Photography credit, Rachel Roze.

Photography credit, Rachel Roze.

What about your creative process have you found to be the most successful for you?

I have found that the most successful thing for me to do is visualize & meditate on completing the task at hand. I find the process is similar to when I was competing in swimming. Being able to envision myself attain something first helps me to actualize the final result which I have noticed is extremely helpful in both competitive sports, as well as my creative process.

What is the most important theme that your work revolves around? 

My focus on abstract work is something that has developed over time. Three years ago, I was still focusing on figure drawing. Now I feel like the abstract nature of what I do is so obvious, but I didn’t know that a few years ago. As I become more confident in myself as a person, I have noticed that it is also reflected in my work. Lately my art has reflected a lot deeper ideas with thicker layers as I uncover more about who I am.

What is the concept behind the work made during your residency?

The concept behind the work I have been making during my residency explores the idea of “healing,”  specifically from chronic illness. I got really sick two years ago and experienced years of dealing with chronic illness that was completely debilitating. Experiencing chronic illness eventually lead to me rearranging the way I approach my life from the ground up. Since this time period was so significant for me, I wanted to be able to give it the necessary time to develop as a theme, and also allow the theme a proper outlet for taking it on, visually. Since this experience was so life-altering, I imagine I will be making art relative to the topic of “healing” for a while.

How was your PLAYGROUND DETROIT X PONYRIDE Artist Residency experience?

Being involved in an incubator and co-working space has been a really amazing way to learn and meet people in fields I wouldn’t necessarily have the chance to work with. I have been able to use the woodshop at Ponyride which allowed me to figure out new ways to literally build my work. Throughout the building, I am always meeting people involved in various things around Detroit that add another dimension to being an artist-in-residence. It has allowed me to meet really genuine people, which you can never have enough of. And Ponyride has a lot of them.

Photography credit, Rachel Roze.

What do you love about Detroit?

What I love most about Detroit is the spirit of “doers”. It is the best feeling to be surrounded by people (especially in the art community) that tell each other, “you should do that, fuckin’ go for it.” No matter what it is, I always feel incredibly supported. I also love going to Detroit SOUP and riding my bike around the city whenever I can.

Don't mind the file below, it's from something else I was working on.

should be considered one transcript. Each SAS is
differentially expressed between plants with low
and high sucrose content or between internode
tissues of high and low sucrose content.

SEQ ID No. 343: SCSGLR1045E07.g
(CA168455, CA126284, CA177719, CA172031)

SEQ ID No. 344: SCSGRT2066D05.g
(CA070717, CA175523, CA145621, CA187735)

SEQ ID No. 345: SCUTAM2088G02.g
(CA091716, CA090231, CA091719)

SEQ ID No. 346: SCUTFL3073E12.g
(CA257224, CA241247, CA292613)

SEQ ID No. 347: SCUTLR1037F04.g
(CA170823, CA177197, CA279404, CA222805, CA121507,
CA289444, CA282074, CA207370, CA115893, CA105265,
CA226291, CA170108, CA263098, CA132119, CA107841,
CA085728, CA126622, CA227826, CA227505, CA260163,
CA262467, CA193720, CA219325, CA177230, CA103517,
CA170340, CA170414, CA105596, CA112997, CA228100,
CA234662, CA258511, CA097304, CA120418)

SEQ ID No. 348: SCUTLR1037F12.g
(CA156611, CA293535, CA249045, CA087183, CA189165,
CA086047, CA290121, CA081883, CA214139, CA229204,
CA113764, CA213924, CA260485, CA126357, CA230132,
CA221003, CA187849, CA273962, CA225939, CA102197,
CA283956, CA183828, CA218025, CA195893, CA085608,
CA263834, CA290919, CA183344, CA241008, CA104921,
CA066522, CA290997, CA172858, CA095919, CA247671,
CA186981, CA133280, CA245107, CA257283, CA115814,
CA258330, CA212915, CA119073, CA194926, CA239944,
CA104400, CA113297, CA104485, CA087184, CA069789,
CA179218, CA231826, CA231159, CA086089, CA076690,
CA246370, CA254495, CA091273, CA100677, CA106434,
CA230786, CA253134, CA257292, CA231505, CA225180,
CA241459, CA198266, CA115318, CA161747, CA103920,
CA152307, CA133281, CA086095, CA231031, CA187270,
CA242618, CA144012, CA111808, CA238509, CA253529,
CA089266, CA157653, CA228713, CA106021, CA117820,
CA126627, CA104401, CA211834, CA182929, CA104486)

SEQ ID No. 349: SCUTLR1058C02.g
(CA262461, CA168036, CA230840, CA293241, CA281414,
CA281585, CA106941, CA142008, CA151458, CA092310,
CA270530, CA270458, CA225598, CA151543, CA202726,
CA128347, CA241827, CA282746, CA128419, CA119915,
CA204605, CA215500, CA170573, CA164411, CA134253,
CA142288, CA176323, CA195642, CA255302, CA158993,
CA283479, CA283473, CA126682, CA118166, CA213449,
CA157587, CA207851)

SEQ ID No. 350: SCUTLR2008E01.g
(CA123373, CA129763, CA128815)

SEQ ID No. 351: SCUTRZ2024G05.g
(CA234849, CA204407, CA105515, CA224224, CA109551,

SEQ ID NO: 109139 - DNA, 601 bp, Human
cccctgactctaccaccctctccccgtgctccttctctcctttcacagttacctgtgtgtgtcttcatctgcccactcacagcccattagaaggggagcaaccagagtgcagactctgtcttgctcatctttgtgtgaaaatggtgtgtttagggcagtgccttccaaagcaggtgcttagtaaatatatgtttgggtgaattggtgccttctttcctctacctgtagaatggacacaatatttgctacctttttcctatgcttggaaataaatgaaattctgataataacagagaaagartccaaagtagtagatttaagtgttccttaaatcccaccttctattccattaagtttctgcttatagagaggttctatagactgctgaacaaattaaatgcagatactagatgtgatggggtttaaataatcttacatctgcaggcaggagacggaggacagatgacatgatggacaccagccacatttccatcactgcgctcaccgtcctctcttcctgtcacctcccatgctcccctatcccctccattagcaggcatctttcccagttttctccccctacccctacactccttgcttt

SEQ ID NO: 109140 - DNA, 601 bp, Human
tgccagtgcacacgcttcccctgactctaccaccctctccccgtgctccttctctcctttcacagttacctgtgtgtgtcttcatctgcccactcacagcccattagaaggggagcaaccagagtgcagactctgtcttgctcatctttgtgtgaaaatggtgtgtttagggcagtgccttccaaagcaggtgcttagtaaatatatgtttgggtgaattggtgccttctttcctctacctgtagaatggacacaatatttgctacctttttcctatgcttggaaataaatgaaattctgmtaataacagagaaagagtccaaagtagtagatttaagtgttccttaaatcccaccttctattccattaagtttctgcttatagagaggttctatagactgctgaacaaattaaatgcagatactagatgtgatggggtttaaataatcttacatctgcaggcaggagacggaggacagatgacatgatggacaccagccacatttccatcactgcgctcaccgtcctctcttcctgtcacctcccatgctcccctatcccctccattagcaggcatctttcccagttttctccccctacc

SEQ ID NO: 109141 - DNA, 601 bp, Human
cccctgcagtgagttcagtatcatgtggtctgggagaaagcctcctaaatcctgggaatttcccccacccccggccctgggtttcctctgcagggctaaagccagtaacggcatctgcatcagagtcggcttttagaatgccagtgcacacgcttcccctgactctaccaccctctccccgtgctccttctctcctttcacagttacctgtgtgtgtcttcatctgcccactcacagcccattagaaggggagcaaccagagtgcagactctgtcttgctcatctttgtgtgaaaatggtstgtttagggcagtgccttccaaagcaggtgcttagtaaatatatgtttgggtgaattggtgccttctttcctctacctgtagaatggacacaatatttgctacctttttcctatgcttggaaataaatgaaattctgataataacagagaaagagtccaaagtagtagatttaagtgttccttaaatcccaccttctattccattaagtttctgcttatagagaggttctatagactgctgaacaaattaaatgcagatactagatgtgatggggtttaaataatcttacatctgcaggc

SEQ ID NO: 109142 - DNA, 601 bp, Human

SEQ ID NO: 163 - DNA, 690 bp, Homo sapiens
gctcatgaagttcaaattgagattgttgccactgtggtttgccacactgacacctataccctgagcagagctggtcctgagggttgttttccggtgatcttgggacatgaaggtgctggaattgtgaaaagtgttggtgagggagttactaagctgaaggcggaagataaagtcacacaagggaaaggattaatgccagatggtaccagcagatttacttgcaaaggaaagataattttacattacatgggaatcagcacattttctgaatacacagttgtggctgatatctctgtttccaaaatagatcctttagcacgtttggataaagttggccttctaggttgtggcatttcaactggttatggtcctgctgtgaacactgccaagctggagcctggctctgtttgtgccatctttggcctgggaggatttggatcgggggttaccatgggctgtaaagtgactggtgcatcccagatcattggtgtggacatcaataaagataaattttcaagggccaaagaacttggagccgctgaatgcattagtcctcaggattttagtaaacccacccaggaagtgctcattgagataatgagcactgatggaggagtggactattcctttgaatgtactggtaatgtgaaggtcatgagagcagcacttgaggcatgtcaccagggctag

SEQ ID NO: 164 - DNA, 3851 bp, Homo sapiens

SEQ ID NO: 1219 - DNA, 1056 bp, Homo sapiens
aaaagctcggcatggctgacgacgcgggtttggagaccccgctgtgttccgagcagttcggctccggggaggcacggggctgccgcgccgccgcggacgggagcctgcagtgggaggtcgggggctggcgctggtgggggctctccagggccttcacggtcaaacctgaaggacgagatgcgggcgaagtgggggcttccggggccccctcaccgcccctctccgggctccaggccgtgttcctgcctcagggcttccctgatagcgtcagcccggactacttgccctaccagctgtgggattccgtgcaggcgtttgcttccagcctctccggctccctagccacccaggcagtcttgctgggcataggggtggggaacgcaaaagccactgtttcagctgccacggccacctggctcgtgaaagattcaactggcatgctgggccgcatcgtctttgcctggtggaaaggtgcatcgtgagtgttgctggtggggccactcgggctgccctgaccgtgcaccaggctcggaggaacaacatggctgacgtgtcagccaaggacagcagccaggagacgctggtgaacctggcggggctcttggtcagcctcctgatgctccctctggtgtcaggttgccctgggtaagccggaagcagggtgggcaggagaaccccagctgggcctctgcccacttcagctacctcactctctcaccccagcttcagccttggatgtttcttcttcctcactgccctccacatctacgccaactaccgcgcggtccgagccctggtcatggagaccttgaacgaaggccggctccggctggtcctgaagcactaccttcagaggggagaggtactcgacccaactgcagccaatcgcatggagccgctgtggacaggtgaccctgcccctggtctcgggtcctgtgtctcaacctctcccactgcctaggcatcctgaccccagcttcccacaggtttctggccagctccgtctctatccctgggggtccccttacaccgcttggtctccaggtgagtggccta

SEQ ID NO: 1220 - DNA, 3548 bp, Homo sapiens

What are challenges as an artist working in Detroit?

Winters are really cold here. That is not a joke…. I think there are challenges about being an artist anywhere, and those problems aren’t necessarily exclusive to Detroit. If anything- it makes a lot more sense to be an artist here rather than anywhere else for a lot of reasons. There is space for everyone. Rent is still pretty affordable and the community of creative people here is extremely motivating. People are really pulling for you. Other artists genuinely want to see you succeed, which is something that makes Detroit really appealing to me. I see a lot more benefit to being an artist here rather than anywhere else and that’s why I love living here.

Describe what you imagine Detroit to be in 10 years.

In ten years, it would be really amazing to have an even stronger community of artists in Detroit. I can already tell that this place is well on its way to becoming even stronger than it is currently.



MAY 22, 2-4P // Through Healing: Painting Workshop with Artist-in-Residence Romelle

Join artist-in-residence Romelle for a free interactive painting workshop that allows participants to use upcycled materials to collectively create a collaborative piece of artwork that will be donated to Ponyride as a part of her residency. Romelle will discuss details of her creative process and the role that healing plays in making artwork.

Paint, materials & supplies provided!


JUNE 3, 6-8P // Through Healing: Romelle Solo Exhibition Opening Reception presented by PLAYGROUND DETROIT

Don’t miss the opening reception of “Through Healing,” her solo exhibition that encourages viewers to experience what healing from chronic illness feels like through a series of abstract works. The exhibition, presented by PLAYGROUND DETROIT, is a visual illustration of her personal experience with healing, reflective of both her own transformation, personally and also reflective of a city that is currently in the process of healing itself.

Thank you to our Sponsors: Our/Detroit, Ponyride, & Kiana Doggan